From former President Donald Trump’s vile anti-immigrant policies to the right-wing Supreme Court’s Dobbs decision that denies women the right to make their own health decisions to failed GOP gubernatorial nominee Tudor Dixon scapegoating LGBTQ+ kids, Republicans’ raison d’etre is the might makes right.
There’s been a steady stream of condescending takes from conservative columnists and business executives warning Whitmer and Democrats that they can’t be bold.
If there’s anyone who understands how unjust and unAmerican that idea is, it’s Gretchen Whitmer. As a lawmaker, she fought for LGBTQ+ rights long before it was widely popular. She brought “The Vagina Monologues” to the Michigan Capitol to protest her female colleagues being silenced by Republicans in abortion debates. And after fighting RTW, she told me during the first year of her governorship that she would “love” to sign a bill repealing it.
Whitmer has a perfect opportunity Wednesday night in the first State of the State speech of her second term to tell Michiganders: Right to Work has got to go.
After all, there’s no real evidence that RTW has helped Michigan’s economy. Wiping the law from the books would send a strong message to Michiganders who have put it all on the line in the last couple of years for better working conditions, pay and benefits, from striking workers at Kellogg, to nurses working for months without a contract at Michigan Medicine to workers unionizing at Starbucks and Chipotle.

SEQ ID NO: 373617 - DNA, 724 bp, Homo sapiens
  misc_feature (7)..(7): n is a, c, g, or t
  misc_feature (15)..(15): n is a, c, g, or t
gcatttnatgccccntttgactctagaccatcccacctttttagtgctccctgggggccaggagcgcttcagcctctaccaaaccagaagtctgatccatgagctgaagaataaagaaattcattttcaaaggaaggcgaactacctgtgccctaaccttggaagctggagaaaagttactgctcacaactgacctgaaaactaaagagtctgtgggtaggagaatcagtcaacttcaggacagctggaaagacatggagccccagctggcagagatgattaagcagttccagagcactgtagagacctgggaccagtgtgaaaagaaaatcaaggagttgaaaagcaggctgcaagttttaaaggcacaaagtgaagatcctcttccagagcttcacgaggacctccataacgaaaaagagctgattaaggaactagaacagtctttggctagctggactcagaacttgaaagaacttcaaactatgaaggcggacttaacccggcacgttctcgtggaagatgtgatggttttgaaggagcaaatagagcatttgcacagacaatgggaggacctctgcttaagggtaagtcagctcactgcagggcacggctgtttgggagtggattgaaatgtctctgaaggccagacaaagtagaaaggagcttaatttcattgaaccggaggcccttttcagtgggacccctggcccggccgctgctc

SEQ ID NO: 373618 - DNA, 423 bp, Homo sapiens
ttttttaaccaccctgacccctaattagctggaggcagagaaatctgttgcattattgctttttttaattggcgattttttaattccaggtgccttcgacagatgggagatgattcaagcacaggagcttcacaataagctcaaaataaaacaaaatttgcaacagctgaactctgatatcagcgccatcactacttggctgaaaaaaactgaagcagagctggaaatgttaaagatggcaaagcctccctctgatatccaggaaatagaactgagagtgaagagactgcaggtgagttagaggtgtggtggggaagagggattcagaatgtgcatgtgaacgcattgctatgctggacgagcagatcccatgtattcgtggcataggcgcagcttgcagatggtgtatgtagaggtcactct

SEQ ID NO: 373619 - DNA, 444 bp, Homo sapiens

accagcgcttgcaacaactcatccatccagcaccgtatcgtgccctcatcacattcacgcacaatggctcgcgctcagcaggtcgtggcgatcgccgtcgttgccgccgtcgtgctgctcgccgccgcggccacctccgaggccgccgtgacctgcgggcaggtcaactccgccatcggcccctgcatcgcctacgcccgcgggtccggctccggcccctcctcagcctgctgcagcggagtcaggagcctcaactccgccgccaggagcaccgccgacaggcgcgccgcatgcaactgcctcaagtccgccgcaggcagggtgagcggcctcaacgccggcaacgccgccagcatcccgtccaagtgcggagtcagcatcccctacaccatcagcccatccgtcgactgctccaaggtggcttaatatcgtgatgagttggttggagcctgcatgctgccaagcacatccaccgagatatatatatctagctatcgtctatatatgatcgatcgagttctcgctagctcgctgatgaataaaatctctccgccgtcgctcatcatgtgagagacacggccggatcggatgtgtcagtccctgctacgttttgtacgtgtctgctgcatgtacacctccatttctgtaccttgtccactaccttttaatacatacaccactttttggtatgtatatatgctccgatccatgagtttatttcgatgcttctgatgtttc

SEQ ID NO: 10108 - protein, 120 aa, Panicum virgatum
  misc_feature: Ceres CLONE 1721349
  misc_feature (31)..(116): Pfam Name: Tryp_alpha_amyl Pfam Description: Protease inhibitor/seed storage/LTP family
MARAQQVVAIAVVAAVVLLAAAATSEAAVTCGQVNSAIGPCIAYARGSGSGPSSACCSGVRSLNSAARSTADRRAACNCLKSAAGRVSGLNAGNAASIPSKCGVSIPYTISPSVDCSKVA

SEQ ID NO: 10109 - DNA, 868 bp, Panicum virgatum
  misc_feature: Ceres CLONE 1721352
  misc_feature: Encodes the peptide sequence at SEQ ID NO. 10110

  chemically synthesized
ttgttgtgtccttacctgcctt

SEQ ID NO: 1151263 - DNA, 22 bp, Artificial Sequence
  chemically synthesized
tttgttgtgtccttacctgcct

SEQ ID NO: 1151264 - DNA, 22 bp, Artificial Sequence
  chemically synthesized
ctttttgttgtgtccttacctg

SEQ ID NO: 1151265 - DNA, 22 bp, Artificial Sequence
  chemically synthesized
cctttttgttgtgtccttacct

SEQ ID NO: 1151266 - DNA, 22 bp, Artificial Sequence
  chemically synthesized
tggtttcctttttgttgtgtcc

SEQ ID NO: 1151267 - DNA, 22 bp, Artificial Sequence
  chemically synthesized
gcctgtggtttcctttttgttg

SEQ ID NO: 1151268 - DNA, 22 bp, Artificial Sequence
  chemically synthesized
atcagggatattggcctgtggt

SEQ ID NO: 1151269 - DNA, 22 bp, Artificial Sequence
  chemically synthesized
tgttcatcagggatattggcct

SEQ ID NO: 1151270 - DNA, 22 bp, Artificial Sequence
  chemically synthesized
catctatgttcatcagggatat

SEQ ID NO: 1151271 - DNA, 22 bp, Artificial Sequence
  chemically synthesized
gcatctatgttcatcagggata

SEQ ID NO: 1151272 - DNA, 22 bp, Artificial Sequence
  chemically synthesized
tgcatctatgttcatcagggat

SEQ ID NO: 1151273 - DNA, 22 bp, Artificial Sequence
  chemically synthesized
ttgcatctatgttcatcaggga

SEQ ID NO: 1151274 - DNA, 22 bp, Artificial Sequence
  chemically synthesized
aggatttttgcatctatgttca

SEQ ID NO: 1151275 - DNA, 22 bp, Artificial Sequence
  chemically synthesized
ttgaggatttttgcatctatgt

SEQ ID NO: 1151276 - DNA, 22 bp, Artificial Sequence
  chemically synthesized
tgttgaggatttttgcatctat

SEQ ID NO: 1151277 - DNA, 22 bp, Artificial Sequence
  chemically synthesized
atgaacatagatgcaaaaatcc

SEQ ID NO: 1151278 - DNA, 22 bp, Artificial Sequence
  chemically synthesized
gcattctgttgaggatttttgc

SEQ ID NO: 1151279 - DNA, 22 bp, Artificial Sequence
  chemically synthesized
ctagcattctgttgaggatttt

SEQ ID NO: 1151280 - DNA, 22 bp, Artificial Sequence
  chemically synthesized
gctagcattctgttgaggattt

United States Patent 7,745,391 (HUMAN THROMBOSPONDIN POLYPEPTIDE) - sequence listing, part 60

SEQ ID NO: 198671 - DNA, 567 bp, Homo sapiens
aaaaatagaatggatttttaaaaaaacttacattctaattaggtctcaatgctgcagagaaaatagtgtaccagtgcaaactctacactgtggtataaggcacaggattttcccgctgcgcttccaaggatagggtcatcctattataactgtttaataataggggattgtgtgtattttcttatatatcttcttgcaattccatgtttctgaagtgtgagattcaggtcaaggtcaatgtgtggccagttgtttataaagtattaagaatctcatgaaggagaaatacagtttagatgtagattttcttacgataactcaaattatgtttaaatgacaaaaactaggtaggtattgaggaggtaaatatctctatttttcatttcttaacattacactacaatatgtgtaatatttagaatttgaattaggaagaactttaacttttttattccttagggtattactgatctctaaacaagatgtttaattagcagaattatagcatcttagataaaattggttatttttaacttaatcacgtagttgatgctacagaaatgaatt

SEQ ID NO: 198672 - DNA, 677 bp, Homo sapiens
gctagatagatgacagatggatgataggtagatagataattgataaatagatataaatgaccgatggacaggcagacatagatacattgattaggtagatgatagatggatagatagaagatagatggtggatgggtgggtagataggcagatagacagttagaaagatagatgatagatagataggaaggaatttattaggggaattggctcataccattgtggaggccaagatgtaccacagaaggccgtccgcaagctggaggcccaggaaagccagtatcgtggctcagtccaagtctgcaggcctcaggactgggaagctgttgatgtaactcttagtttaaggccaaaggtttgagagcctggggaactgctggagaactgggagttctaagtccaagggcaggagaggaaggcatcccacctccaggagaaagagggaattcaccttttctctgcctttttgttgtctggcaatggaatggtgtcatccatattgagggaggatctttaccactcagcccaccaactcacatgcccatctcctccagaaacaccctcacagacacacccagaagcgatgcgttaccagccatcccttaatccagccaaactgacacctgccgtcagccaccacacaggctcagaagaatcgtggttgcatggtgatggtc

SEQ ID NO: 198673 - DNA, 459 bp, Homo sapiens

They deserve a governor and a Legislature who will stand up for them.
There’s been a steady stream of condescending takes from conservative columnists and business executives warning Whitmer and Democrats that they can’t be bold. (Apparently Romney’s advice is just meant for Republicans and it doesn’t matter that a strong majority of voters wanted progressive policy).
But the bravado masks fear.
That’s because powerbrokers know that Whitmer has the same advantage that Engler did when he became governor: She paid her dues in the Legislature (usually letting Republicans slap their names on her bills so they’d pass) and spent years carefully observing how the other party functions.
More than any other state official, Whitmer knows how to get things done. She also knows how to make her case (in her ultra-Michigander accent) to the public — which is why she won reelection in a landslide during such turbulent times.
That’s terrifying to insiders who want a dysfunctional Michigan, where the powerful thrive and the rest of us are left holding the bag.
Democrats have narrow majorities in both chambers and are staring at an enormous amount of legislation that hasn’t seen the light of day in decades. But there’s no reason why they can’t take on several key priorities at once, like repealing the 1931 abortion ban, improving public education, protecting LGBTQ+ rights and strengthening workers’ rights.
It’s clear that scuttling the RTW repeal is job one for right-wing groups and lobbyists who have already launched comically bad ads. If they succeed, Democrats will send a terrible message to their constituents that they’re too scared to take on special interests.
Indecisiveness and weakness usually aren’t rewarded at the ballot box. When it comes to politics, fortune favors the bold.
Originally published by Michigan Advance. It is republished with permission.